Virginia Gov. Northam: ‘I am not going anywhere’

WASHINGTON — Virginia Gov. Ralph Northam has no plans to resign, saying, “I am not going anywhere,” after controversial yearbook photos surfaced from his days in medical school.

In an interview with Gayle King for CBS This Morning, Northam said that he considered resigning but decided that Virginia needs him to stay as governor.

“I have thought about resigning but I’ve also thought about what Virginia needs right now and I really think that I’m in a position where I can take Virginia to the next level and it will be very positive,” Northam said. “We have a number of inequities in this country right now and in Virginia, and we’re in a position to really stop talking so much and now to take action with policy to address these inequities.”

Images of a 1984 yearbook page showing a picture of a person in blackface and another wearing a Ku Klux Klan hood next to different pictures of the governor have prompted numerous calls for the governor to step down.

A Democratic Virginia congressman says Northam has lost too much credibility to remain in office.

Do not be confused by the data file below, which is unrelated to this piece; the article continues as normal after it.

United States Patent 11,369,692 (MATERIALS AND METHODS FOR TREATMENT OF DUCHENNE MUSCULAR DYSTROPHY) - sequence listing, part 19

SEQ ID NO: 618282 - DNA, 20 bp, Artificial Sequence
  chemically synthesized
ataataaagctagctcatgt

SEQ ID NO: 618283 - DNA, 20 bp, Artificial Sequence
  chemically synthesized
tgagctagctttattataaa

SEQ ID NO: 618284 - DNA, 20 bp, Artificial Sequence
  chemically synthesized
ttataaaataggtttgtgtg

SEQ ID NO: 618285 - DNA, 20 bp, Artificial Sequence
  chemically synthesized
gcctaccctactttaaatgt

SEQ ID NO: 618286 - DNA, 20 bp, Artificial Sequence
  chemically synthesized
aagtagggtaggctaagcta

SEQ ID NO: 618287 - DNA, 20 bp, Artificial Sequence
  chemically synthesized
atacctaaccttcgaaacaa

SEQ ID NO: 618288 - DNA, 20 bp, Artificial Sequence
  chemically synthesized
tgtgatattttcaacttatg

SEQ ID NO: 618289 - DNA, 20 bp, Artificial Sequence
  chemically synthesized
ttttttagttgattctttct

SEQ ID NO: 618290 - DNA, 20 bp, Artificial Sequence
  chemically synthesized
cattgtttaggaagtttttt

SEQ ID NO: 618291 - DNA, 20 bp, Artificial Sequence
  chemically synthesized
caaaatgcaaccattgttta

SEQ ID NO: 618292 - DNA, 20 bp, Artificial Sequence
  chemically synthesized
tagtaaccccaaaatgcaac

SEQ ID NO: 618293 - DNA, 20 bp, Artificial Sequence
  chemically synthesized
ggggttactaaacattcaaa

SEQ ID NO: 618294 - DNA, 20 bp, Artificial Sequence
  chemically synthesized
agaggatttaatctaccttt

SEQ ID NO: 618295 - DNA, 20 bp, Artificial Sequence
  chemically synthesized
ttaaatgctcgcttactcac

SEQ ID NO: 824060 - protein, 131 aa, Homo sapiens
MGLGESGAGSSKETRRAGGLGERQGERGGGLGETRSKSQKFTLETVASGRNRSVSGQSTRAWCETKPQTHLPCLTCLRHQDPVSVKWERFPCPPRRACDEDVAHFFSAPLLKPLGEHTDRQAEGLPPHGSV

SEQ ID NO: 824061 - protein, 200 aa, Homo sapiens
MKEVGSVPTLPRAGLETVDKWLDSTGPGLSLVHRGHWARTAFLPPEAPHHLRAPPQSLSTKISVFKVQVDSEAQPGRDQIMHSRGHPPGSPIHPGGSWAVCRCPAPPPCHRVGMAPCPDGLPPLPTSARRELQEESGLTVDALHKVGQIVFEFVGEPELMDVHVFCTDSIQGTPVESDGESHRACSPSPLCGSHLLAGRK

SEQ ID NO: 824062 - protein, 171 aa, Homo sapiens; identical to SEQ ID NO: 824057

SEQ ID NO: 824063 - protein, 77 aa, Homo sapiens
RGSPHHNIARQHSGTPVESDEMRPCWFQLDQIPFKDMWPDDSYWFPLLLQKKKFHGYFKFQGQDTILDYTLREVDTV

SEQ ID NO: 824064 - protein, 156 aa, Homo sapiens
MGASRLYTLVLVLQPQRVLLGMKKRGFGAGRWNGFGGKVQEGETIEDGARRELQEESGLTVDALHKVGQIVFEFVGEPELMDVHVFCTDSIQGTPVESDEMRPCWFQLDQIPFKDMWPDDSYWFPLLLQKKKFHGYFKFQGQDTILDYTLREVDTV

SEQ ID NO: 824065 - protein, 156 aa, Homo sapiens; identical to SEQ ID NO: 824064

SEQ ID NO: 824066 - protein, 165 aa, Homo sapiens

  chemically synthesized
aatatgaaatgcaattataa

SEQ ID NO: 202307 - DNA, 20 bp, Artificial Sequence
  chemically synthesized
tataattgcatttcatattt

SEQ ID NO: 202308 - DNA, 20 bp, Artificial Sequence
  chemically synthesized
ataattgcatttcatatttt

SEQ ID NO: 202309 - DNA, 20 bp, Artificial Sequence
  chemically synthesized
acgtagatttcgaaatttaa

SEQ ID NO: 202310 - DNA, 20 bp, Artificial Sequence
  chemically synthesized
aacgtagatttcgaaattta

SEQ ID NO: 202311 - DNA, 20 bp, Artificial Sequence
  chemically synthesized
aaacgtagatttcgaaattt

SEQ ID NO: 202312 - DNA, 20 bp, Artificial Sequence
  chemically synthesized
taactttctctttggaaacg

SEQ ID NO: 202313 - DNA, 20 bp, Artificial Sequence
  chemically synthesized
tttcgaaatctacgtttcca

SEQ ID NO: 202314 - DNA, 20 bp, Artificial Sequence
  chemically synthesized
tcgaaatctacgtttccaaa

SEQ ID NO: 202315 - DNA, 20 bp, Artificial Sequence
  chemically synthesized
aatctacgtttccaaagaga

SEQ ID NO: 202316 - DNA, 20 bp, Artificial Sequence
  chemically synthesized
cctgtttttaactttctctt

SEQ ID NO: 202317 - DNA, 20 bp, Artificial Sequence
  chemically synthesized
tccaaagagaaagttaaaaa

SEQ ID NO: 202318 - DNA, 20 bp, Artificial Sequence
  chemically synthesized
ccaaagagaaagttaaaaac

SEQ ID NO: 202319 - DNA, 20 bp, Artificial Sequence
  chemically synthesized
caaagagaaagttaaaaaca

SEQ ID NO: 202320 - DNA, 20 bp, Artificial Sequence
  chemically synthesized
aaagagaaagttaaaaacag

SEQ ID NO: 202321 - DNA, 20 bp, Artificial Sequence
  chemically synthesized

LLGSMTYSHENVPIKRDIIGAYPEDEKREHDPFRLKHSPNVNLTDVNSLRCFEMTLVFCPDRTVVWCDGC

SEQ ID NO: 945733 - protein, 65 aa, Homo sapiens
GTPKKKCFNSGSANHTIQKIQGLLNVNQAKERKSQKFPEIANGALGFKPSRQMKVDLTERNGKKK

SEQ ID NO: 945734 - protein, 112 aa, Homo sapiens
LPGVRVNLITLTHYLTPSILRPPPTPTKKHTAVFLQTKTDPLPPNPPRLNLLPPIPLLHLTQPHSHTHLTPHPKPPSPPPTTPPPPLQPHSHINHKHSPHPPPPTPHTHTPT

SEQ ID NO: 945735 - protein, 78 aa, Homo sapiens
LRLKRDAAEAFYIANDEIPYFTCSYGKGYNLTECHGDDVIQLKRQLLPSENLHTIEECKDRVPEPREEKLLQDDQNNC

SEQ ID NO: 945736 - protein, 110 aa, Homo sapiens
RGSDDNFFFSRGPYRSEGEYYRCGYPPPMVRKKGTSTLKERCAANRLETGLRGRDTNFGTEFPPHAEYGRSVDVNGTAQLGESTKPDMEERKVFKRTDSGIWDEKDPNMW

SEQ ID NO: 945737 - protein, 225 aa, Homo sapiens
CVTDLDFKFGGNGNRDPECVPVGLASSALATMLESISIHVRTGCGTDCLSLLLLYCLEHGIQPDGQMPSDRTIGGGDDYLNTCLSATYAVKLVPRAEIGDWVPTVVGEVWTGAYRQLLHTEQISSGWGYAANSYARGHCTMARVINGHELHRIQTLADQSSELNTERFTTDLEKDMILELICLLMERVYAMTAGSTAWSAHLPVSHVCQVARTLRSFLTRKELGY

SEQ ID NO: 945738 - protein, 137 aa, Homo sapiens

Rep. Don Beyer called Northam’s initial admission, and then denials, that he was in the racist photo “very bizarre.” Northam later acknowledged he wore blackface at a separate event in the 1980s.

Beyer tells CBS’ “Face the Nation” that Northam has sacrificed too much of his ability to govern.

Beyer also says he believes the two women who have accused Democratic Lt. Gov. Justin Fairfax of sexual assault. Beyer says if you believe the women, there is “no choice” but to call for Fairfax’s resignation.

The congressman says Democratic Attorney General Mark Herring, who also admitted to wearing blackface, has been “very responsible” in owning up to his mistake.

Gov. Northam, said that his background as a physician will help him in healing his state.

“I’ve been in some very difficult situations, life and death situations taking care of sick children and right now Virginia needs someone that can heal. There’s no better person to do that than a doctor. Virginia also needs someone who is strong, who has empathy, who has courage, and who has a moral compass and that is why I am not going anywhere. I have learned from this, I have a lot more to learn.”

After bits of the interview aired on CBS, Gov. Northam’s usage of the term “indentured servants” was criticized by many on social media. King corrected Northam with the term “slaves.”

“If you look at Virginia’s history we’re now at the 400-year anniversary just 90 miles from here in 1619 the first indentured servants from Africa landed on our shores at Old Point Comfort what we call now Fort Monroe,” said Northam, to which King interjected, “also known as slavery.”

The Associated Press contributed to this report. 

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